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Venezuela’s Miguel Cabrera became the 28th member of Major League Baseball’s 500 Home Run Club on Sunday, 22 August. The Detroit Tigers’ first baseman hit the historic home run in the sixth inning against the Toronto Blue Jays.
The “500 Home Run Club” has long been one of baseball’s most famous and revered groups. However, it was somewhat lessened in the midst of the “steroid era”. Even so, Major League Baseball has been played for more than a century, and there are only 28 players with at least 500 career home runs.
His career seemed to be near the end, especially when his performance was in decline over the last few years. So it was reasonable to question whether Cabrera would ever reach 500. He hit 446 home runs in 2016 but managed just 16, 3, and 10 over the next three years, respectively, due to the natural passage of time and various injuries. Then there was the pandemic-shortened season, though he did hit 10 home runs in 57 games. Picking up the pace in that way really boosted him heading into this season.
500 home runs and .300 average
Cabrera, 38, is the first Venezuelan-born player to hit 500 homers. But his name in baseball history could add a separate chapter if he connects for 45 more hits. All indications are that he will eventually become the seventh player all-time to be a member of both the “500 Home Run Club” and the “3,000 Hits Club”. Cabrera is also one of only a handful of players who could finish their careers with more than 500 home runs and a batting average over .300.
In this 500 home run club group, .300 average, and ahead of Miguel Cabrera are Ted Williams, Manny Ramirez, Mel Ott, Frank Thomas, Jimmie Fox, Hank Aaron, and Babe Ruth.
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The Detroit Tigers originally acquired Cabrera in December 2007 as part of an eight-player trade that also included Detroit left-hander Dontrelle Willis. In exchange, the Tigers parted with future major leaguers Burke Badenhop, Cameron Maybin, Andrew Miller, Frankie De La Cruz, and Mike Rabelo.
The Tigers later signed Cabrera to an eight-year extension worth $152 million before he appeared in his first regular season with the team. That contract was going to expire in 2015, but the Tigers then extended Cabrera again to another eight-year pact worth $248 million in March 2014. So Cabrera has two more guaranteed years in Detroit and will pocket a total of $64 million. At this point, it seems unlikely that Cabrera will receive a third renewal in 2023. Especially considering his age and declining performance.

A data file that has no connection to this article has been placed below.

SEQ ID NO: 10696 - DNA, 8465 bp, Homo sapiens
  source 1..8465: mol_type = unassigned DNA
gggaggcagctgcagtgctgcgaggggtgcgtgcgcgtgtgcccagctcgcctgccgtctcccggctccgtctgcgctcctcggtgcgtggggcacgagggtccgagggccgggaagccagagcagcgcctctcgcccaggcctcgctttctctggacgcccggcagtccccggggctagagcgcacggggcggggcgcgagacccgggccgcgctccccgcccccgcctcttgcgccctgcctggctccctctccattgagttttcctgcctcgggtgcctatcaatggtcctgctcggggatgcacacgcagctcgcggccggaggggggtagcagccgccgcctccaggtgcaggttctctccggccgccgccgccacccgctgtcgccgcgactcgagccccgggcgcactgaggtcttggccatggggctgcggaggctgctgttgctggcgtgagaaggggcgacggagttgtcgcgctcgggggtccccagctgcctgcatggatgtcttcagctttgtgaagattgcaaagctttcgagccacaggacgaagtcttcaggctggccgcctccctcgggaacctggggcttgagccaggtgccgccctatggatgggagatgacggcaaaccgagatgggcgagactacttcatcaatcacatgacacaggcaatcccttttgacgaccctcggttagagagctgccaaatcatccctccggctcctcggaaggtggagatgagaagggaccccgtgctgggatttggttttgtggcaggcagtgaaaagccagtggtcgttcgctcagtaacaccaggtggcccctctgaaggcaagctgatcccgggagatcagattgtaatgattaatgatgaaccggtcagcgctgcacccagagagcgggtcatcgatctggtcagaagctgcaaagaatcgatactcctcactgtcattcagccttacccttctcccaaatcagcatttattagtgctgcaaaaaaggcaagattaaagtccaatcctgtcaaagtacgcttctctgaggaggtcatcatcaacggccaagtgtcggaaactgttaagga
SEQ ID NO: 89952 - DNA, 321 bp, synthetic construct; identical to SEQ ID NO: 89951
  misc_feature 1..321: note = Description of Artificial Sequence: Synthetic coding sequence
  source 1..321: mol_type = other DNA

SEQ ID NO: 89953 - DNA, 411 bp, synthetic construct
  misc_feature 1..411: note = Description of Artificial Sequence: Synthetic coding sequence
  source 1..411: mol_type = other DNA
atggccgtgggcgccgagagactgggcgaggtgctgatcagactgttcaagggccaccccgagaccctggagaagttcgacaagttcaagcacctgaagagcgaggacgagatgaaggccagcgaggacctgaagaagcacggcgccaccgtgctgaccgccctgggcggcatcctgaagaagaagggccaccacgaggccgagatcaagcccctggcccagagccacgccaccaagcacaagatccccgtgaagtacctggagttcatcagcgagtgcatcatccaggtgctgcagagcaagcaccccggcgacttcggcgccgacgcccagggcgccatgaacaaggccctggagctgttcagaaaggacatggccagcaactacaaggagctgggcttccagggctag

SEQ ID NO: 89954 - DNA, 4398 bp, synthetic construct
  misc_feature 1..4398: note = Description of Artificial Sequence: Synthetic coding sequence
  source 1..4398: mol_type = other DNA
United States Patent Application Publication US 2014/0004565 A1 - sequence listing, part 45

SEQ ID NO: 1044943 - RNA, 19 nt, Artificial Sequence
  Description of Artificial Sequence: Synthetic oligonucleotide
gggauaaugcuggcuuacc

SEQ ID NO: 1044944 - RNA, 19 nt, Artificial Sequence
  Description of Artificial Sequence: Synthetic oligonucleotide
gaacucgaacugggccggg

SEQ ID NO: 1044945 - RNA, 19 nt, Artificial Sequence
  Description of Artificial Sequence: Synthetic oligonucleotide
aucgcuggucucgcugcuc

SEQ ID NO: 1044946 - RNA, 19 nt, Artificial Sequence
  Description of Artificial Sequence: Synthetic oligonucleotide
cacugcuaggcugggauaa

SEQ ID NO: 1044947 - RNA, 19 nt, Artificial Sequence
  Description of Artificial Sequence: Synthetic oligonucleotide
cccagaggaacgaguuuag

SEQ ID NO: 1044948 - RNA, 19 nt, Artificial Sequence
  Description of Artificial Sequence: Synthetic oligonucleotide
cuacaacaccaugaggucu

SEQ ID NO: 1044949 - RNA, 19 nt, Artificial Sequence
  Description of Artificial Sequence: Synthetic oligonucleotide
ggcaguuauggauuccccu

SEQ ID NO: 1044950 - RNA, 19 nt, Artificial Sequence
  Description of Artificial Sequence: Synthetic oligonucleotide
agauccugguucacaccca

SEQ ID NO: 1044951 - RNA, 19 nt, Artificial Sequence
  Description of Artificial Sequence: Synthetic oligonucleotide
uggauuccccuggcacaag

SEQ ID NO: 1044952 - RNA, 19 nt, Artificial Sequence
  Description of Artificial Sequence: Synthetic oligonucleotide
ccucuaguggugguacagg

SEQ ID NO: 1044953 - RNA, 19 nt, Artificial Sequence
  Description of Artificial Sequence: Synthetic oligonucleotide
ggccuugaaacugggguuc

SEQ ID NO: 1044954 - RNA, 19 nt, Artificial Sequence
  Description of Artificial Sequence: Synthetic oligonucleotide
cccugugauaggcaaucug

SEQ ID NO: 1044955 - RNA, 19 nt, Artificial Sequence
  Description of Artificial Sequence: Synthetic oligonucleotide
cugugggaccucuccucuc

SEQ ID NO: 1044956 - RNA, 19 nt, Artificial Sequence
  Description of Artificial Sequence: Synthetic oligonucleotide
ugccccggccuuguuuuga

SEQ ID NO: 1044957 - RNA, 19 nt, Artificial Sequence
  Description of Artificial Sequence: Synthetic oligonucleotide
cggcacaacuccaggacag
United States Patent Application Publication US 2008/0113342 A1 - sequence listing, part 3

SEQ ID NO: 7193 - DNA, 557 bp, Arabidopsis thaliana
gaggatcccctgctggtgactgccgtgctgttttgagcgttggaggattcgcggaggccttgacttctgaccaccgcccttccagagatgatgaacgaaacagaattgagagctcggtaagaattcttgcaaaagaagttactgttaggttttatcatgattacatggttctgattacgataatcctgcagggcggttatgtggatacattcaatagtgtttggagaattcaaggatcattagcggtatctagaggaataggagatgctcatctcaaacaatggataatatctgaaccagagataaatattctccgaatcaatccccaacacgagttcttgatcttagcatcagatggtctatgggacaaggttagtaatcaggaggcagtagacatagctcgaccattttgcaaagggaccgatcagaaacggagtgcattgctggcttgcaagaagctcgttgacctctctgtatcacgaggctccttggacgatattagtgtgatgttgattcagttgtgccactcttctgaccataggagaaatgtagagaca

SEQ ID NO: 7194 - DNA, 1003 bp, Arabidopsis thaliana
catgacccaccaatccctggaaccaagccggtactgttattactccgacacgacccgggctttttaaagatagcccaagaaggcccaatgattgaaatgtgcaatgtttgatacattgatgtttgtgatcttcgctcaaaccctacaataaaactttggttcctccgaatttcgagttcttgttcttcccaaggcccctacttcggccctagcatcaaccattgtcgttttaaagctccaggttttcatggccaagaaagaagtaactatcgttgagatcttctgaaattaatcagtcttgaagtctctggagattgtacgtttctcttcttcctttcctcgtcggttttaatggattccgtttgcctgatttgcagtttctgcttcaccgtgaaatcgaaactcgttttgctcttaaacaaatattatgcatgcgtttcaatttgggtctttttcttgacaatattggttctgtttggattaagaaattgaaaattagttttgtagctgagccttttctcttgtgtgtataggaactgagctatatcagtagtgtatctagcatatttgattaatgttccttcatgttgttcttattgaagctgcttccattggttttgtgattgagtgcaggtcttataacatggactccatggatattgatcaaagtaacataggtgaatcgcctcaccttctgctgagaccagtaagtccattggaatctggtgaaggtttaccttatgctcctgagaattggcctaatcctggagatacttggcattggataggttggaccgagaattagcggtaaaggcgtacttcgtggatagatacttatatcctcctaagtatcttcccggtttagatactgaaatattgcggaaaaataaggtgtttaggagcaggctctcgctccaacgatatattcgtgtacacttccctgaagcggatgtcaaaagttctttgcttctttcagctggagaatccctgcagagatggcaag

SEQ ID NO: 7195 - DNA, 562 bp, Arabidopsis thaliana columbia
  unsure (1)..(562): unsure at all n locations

All the club’s members
With Cabrera’s 500th homer out of the way, there are five active players who are now closest to the record.
Babe Ruth was the first MLB player to inaugurate the “500 Club”, reaching the figure in 1929. Jimmie Foxx joined the “Big Bambino” in 1940 and after him, Mel Ott joined them in 1945. In the 1960s, the group was joined by Ted Williams, Willie Mays, Mickey Mantle, Eddie Mathews, and Hank Aaron. Three more were added before the end of the 1971 season with Ernie Banks, Harmon Killebrew, and Frank Robinson. Only Willie McCovey would get there between 1971 and 1984, while Reggie Jackson and Mike Schmidt would get there in the 1980s. Eddie Murray and Mark McGwire joined the club in the 1990s.
Then the explosion arrived. From 2001 to 2009, Barry Bonds, Sammy Sosa, Rafael Palmeiro, Ken Griffey Jr, Frank Thomas, Alex Rodriguez, Jim Thome, Manny Ramirez, and Gary Sheffield reached 500 homers.
After them, Albert Pujols (2014) and David Ortiz (2015) added their names to the list. Six years later, Cabrera added the last line to the exclusive list.
But as if celebrating 500 homers wasn’t enough, the Maracay native will also reach another club shortly. With 2,955 hits to his credit, Cabrera is very close to 3,000. When he reaches that figure, he will join Aaron, Rodriguez, Pujols, Mays, Palmeiro, and Murray as the only players in history with 3,000 hits and 500 home runs.
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